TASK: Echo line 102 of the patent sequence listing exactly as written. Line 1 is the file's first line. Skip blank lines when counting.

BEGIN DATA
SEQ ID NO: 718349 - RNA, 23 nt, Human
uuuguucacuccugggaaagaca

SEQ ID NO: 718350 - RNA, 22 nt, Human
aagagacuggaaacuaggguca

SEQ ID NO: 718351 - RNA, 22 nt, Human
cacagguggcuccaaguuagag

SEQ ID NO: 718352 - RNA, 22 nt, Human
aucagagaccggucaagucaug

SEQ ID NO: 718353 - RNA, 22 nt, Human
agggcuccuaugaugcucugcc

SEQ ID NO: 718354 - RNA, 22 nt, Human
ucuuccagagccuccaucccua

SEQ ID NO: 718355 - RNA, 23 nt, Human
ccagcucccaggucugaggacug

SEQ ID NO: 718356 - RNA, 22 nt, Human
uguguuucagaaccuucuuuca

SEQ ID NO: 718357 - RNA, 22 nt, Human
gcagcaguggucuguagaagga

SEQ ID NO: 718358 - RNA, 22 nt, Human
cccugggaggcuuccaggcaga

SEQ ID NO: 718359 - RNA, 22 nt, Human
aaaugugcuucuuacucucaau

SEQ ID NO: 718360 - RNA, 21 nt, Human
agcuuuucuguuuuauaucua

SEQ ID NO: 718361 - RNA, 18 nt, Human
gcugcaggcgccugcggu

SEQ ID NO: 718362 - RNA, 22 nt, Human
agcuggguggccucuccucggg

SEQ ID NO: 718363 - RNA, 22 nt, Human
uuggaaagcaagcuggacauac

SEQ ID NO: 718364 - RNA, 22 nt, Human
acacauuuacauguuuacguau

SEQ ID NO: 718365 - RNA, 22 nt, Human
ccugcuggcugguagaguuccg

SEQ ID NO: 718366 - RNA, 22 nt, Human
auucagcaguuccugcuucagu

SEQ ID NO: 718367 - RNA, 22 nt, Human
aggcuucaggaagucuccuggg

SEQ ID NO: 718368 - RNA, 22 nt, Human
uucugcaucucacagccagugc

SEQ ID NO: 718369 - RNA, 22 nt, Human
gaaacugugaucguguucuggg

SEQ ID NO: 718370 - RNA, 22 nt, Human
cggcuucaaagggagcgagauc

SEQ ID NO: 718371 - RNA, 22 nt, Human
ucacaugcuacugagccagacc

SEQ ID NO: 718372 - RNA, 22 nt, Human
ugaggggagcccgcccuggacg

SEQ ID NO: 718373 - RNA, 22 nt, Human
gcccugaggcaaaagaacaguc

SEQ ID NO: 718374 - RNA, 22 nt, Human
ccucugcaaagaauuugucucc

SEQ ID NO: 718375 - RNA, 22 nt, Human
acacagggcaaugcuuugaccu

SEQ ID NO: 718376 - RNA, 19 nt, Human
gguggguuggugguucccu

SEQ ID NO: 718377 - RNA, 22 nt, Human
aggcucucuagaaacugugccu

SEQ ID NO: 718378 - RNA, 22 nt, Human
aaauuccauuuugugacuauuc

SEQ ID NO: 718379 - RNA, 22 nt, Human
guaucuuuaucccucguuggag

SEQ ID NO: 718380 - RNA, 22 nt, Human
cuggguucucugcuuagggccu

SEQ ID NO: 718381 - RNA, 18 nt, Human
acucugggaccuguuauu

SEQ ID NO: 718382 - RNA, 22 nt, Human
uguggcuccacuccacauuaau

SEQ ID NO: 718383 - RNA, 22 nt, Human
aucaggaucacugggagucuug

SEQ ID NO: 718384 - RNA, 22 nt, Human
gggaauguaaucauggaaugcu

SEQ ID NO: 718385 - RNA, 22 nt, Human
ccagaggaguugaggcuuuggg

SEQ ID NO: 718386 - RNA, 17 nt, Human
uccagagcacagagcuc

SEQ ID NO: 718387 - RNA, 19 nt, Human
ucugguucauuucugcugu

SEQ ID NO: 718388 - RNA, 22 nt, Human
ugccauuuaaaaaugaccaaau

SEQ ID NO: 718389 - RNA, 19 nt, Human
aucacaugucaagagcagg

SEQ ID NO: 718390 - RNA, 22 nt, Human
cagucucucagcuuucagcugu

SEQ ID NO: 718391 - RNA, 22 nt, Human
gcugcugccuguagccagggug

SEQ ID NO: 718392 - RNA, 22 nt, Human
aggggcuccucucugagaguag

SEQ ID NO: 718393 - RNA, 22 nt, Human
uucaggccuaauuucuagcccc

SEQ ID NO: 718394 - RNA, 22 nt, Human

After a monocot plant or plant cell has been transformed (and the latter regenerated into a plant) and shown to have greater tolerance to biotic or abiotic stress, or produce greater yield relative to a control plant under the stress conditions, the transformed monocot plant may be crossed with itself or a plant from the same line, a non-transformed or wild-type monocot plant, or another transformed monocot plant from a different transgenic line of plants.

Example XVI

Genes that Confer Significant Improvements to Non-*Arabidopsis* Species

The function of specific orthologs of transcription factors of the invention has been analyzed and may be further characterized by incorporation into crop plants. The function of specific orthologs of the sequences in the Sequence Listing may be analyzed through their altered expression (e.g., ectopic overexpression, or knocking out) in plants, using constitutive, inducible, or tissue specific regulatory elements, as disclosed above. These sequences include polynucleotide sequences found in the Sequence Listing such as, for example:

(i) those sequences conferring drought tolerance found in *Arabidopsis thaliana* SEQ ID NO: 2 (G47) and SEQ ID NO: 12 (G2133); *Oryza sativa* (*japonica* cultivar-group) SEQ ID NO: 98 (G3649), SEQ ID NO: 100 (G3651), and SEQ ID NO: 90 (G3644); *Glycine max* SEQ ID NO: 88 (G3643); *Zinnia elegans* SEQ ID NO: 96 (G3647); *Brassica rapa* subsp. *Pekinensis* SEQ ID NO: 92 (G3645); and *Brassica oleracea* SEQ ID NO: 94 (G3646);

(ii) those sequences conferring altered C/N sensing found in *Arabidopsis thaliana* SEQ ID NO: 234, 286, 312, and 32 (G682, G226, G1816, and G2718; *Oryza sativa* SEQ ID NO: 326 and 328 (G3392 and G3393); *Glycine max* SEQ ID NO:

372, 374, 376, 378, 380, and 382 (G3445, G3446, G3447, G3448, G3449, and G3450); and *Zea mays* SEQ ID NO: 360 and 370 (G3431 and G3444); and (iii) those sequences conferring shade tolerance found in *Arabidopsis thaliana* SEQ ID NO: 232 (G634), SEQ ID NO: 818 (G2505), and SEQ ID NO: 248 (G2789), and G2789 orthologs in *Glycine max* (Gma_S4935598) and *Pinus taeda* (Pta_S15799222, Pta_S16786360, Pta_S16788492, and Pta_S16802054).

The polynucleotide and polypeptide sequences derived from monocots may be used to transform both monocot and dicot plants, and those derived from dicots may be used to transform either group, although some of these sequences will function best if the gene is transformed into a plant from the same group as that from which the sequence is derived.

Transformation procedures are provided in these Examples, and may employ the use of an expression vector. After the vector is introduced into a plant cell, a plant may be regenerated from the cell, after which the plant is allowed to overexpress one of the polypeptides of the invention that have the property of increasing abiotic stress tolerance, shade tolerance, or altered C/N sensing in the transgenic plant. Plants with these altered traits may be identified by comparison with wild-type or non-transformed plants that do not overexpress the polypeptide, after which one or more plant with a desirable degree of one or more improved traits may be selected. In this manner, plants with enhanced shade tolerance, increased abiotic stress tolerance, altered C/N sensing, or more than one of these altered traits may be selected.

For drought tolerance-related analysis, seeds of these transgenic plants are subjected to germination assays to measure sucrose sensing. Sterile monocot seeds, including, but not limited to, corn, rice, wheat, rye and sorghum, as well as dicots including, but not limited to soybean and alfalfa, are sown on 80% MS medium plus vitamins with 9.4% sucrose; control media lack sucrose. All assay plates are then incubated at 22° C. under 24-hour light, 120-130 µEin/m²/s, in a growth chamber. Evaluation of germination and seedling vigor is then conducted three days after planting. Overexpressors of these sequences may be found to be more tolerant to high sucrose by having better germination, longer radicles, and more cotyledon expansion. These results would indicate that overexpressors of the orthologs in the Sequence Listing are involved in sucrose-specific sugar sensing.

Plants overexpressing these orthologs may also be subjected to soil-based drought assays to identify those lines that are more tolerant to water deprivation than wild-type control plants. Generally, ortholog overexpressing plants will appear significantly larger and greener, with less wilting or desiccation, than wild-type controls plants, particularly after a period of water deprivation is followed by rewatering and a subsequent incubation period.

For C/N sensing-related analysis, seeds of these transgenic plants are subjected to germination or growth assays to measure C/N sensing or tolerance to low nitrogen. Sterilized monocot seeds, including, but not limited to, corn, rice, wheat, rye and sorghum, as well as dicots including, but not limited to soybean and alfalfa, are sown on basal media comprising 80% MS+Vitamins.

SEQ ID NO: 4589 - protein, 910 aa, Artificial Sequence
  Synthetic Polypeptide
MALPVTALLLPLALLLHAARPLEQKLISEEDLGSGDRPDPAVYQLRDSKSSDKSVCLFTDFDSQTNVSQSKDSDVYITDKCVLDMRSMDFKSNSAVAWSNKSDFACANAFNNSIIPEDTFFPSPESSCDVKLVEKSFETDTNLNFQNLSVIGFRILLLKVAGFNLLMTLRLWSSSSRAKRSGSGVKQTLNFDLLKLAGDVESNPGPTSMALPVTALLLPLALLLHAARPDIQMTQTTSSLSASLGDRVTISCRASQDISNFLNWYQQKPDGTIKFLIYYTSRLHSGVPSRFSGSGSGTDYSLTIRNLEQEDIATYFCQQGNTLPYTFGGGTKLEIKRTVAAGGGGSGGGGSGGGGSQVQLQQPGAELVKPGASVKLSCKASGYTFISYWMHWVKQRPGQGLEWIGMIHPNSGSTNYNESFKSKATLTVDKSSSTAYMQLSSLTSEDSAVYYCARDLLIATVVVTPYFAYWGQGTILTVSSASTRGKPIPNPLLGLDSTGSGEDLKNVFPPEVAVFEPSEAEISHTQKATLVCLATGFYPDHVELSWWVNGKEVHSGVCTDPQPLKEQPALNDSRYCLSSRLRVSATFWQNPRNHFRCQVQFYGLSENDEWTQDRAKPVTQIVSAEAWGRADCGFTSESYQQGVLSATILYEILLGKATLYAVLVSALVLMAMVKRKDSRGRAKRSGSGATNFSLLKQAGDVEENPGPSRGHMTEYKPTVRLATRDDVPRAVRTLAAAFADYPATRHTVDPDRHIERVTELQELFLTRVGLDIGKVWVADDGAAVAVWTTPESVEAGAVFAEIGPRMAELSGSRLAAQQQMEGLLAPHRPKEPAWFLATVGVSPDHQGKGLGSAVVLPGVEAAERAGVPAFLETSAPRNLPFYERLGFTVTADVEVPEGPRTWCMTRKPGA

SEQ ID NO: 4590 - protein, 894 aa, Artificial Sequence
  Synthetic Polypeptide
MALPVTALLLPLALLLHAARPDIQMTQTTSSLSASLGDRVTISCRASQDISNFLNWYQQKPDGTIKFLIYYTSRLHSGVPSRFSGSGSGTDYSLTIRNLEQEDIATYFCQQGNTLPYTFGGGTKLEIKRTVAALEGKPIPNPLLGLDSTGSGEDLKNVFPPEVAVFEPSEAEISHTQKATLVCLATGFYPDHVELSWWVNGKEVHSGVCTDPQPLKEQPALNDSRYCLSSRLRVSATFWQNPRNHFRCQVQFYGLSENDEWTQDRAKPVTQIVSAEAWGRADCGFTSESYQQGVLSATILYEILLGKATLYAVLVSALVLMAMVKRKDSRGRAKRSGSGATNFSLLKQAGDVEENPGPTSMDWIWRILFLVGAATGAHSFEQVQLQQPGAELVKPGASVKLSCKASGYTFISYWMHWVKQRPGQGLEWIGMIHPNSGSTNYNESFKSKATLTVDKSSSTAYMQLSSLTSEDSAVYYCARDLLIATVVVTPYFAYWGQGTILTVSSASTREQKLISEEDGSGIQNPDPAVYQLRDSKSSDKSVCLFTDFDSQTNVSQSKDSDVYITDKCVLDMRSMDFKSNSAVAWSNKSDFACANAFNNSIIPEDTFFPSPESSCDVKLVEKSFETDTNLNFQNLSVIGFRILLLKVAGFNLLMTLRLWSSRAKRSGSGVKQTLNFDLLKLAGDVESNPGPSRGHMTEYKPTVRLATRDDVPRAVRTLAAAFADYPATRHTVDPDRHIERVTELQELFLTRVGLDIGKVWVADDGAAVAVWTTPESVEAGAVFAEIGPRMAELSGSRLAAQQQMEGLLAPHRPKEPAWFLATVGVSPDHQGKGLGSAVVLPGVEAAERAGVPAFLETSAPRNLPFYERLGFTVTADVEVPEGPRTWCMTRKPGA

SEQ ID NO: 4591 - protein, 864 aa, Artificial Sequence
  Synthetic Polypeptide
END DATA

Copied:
Plants overexpressing these orthologs may also be subjected to soil-based drought assays to identify those lines that are more tolerant to water deprivation than wild-type control plants. Generally, ortholog overexpressing plants will appear significantly larger and greener, with less wilting or desiccation, than wild-type controls plants, particularly after a period of water deprivation is followed by rewatering and a subsequent incubation period.